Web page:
Since late April, six eagles have tested positive for the highly pathogenic avian influenza, or “bird flu” in Sitka. But only one of those cases was discovered in the last five weeks.
Jennifer Cedarleaf is the avian director at the Alaska Raptor Center. She says the most recent eagle that tested positive was found around June 10, but it takes a couple of weeks to get results.
“It wasn’t acting like the other birds that we’d seen had acted.” Cedarleaf says. And when we picked it up and felt how thin it was, we thought, ‘Oh, it’s just a skinny bird. But we’ll test it anyway.'”
Cedarleaf says that the eagle’s sample came back positive last Friday (6-24-22).
She says they’ve tested every bird they’ve picked up over the last couple of months– from ravens and crows to pigeons and robins, but so far they’ve only found the virus in eagles. After three weeks with no reported cases (prior to the discovery of the sixth case), the center began allowing its eagles some time outside again.
“It’s hard to keep them inside because, especially, they’re used to having this big space. And it’s been so nice out that it’s just about breaking our hearts to keep them locked in,” Cedarleaf says. “So we decided to keep letting them out during the day and then they go back in their covered area at night.” She says fewer wild birds frequent the area during the day when tourists are visiting the center.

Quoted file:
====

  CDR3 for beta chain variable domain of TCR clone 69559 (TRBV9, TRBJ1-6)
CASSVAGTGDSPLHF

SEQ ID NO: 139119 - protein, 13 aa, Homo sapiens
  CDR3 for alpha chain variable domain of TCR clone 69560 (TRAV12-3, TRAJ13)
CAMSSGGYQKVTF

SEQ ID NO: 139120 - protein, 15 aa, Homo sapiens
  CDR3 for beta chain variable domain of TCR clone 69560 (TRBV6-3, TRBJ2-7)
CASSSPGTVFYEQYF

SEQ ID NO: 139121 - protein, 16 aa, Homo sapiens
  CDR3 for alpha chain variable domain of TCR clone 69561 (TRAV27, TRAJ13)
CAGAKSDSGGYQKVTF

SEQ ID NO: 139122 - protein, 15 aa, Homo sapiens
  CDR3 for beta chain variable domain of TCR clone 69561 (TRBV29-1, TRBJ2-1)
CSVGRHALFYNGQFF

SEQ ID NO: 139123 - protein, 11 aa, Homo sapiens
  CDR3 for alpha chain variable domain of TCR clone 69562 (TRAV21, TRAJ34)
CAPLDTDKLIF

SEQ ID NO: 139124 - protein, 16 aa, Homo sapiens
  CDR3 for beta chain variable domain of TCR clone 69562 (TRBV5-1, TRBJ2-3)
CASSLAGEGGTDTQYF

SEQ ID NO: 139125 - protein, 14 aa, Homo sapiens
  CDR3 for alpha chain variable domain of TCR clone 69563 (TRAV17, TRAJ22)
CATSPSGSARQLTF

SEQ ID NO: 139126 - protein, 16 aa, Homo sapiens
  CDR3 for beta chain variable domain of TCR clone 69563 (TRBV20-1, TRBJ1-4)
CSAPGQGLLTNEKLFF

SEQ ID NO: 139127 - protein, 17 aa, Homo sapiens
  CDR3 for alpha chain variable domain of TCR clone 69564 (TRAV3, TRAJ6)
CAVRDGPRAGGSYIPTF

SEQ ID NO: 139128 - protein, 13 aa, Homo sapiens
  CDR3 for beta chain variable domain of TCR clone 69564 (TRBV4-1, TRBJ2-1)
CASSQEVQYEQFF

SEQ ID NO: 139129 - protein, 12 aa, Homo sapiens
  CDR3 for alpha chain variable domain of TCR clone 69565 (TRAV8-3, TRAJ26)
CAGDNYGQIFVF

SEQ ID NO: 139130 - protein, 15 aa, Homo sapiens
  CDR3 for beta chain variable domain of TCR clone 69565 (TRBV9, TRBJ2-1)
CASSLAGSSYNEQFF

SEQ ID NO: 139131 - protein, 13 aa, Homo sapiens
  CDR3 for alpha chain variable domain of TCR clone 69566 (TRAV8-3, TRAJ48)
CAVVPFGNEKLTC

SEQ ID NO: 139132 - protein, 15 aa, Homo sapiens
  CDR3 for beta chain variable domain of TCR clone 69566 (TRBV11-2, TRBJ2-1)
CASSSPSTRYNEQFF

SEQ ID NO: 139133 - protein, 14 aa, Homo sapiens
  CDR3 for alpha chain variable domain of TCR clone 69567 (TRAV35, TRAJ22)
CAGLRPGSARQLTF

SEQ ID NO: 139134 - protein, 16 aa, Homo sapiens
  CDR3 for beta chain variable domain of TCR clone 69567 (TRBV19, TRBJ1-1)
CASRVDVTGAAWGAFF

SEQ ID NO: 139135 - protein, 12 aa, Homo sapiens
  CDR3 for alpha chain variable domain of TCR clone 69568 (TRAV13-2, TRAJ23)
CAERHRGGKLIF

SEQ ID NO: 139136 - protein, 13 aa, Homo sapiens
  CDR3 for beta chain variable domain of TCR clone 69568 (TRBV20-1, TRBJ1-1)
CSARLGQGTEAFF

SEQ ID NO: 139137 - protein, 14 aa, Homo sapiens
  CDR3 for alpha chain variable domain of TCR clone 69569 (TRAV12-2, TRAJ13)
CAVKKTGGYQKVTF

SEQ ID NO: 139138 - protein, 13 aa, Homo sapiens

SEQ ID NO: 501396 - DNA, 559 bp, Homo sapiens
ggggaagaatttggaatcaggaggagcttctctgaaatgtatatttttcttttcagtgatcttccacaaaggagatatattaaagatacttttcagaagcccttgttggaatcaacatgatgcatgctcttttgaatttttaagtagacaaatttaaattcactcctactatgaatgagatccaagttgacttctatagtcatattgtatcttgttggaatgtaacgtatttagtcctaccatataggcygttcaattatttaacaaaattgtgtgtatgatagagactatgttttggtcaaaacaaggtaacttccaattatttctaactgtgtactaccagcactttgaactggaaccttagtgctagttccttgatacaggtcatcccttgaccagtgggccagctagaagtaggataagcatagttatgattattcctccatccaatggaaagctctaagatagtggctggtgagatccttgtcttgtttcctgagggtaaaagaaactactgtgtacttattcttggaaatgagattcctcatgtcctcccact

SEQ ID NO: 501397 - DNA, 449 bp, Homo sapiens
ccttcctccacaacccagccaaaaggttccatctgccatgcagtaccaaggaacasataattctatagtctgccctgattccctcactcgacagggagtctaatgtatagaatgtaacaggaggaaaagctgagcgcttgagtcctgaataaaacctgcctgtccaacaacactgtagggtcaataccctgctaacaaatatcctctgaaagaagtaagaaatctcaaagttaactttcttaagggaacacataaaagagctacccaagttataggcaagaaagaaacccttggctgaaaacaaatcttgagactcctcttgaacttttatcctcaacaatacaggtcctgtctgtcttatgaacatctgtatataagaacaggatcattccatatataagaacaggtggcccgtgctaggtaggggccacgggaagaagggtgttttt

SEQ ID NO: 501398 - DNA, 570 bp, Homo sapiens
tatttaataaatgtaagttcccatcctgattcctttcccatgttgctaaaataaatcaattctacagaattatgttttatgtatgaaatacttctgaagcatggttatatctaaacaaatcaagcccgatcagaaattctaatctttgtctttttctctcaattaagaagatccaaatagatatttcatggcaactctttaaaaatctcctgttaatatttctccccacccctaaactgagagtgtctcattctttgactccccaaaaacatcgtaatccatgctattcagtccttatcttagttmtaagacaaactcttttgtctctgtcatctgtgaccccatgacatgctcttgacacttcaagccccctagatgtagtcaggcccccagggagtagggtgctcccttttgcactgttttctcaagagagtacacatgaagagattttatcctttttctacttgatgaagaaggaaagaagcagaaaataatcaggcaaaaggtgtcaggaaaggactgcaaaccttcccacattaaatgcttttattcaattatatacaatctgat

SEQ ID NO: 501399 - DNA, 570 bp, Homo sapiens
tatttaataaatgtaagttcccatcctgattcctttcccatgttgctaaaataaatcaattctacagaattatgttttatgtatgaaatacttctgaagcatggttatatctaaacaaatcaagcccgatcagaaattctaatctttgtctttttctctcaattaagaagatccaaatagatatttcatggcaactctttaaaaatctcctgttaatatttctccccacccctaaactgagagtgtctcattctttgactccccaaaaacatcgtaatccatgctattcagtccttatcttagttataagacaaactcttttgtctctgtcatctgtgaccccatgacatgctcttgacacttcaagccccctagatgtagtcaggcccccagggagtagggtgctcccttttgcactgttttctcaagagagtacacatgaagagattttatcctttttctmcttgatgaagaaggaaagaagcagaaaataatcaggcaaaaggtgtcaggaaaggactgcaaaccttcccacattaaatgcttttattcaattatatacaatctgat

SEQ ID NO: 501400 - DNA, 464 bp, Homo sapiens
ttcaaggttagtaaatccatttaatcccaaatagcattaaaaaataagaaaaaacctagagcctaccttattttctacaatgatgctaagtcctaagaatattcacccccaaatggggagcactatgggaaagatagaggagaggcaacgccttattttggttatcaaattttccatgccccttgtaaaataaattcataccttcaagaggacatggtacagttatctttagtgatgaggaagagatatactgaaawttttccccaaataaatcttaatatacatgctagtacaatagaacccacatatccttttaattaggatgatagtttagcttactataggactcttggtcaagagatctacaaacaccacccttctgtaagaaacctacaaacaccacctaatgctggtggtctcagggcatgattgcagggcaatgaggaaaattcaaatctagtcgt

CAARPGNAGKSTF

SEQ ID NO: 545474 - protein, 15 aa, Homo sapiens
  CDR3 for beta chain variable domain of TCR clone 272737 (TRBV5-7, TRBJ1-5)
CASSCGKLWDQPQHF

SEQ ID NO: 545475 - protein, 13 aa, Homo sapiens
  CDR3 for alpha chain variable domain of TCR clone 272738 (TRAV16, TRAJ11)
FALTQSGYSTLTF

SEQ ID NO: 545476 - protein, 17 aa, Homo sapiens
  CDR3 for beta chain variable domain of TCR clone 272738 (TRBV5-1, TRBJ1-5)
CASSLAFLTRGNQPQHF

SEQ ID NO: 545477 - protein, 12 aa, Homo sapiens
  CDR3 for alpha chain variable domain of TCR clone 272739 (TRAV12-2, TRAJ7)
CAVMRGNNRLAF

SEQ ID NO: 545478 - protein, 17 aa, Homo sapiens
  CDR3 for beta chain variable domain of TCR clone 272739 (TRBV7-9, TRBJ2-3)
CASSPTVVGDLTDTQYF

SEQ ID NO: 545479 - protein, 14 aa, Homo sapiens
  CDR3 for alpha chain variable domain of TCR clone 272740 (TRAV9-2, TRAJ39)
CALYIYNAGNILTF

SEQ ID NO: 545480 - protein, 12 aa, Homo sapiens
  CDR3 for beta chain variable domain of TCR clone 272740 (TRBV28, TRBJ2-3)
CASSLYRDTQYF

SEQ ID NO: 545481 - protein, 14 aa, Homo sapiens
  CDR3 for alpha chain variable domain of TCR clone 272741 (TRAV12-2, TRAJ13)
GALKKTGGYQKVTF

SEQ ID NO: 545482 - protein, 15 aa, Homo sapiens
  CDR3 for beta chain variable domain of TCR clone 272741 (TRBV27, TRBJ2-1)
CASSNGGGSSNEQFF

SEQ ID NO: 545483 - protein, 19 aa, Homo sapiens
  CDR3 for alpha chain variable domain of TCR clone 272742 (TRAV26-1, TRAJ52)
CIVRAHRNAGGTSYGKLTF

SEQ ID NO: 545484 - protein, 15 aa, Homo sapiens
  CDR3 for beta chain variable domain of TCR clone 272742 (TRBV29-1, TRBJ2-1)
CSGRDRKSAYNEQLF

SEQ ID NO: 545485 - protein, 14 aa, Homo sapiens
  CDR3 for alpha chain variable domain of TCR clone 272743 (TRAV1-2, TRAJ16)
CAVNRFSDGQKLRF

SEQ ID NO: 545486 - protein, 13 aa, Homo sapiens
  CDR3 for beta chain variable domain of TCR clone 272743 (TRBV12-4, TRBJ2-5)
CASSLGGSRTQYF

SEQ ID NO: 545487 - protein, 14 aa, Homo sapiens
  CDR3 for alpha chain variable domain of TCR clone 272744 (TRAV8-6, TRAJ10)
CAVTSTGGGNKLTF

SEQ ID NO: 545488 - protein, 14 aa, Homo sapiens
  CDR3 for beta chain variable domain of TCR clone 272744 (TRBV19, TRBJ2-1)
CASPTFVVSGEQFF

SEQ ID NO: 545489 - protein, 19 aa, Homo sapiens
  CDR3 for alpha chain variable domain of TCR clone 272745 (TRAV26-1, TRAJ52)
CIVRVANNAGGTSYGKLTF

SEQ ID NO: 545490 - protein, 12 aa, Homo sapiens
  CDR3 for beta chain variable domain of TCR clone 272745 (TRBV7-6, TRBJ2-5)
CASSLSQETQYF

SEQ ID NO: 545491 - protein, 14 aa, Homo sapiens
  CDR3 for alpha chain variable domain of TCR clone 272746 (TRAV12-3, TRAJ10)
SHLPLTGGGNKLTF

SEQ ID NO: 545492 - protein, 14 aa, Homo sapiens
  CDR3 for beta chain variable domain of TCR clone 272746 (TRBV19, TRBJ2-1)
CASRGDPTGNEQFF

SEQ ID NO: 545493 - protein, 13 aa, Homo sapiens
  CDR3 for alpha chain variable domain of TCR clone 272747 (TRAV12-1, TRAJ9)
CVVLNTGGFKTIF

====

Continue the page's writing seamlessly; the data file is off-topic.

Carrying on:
Cedarleaf hopes that cases are on the decline locally. One thing she thinks could be helping? The unexpected heat wave hitting Southeast Alaska this week, and the dearth of rainy days this spring.
“UV light is really good at killing this virus. And because we’re in the part of the year where we’ve had a lot of sunlight during the day, and we’ve actually had sunlight. I think that’s really helping that the weather has been so nice this year so far,” Cedarleaf says. “Knock on wood. I hope it stays that way. But it really seems to help.”
The center is still open for visitation. And while they’re not currently accepting outside birds for rehabilitation, Cedarleaf says they may reassess in July and open their clinic back up. She’s asking that Sitkans continue to report dead birds or birds that are behaving strangely to the center, including domestic chickens. If you encounter a sick or injured bird, you can call their emergency phone line at 907-738-8662 for support.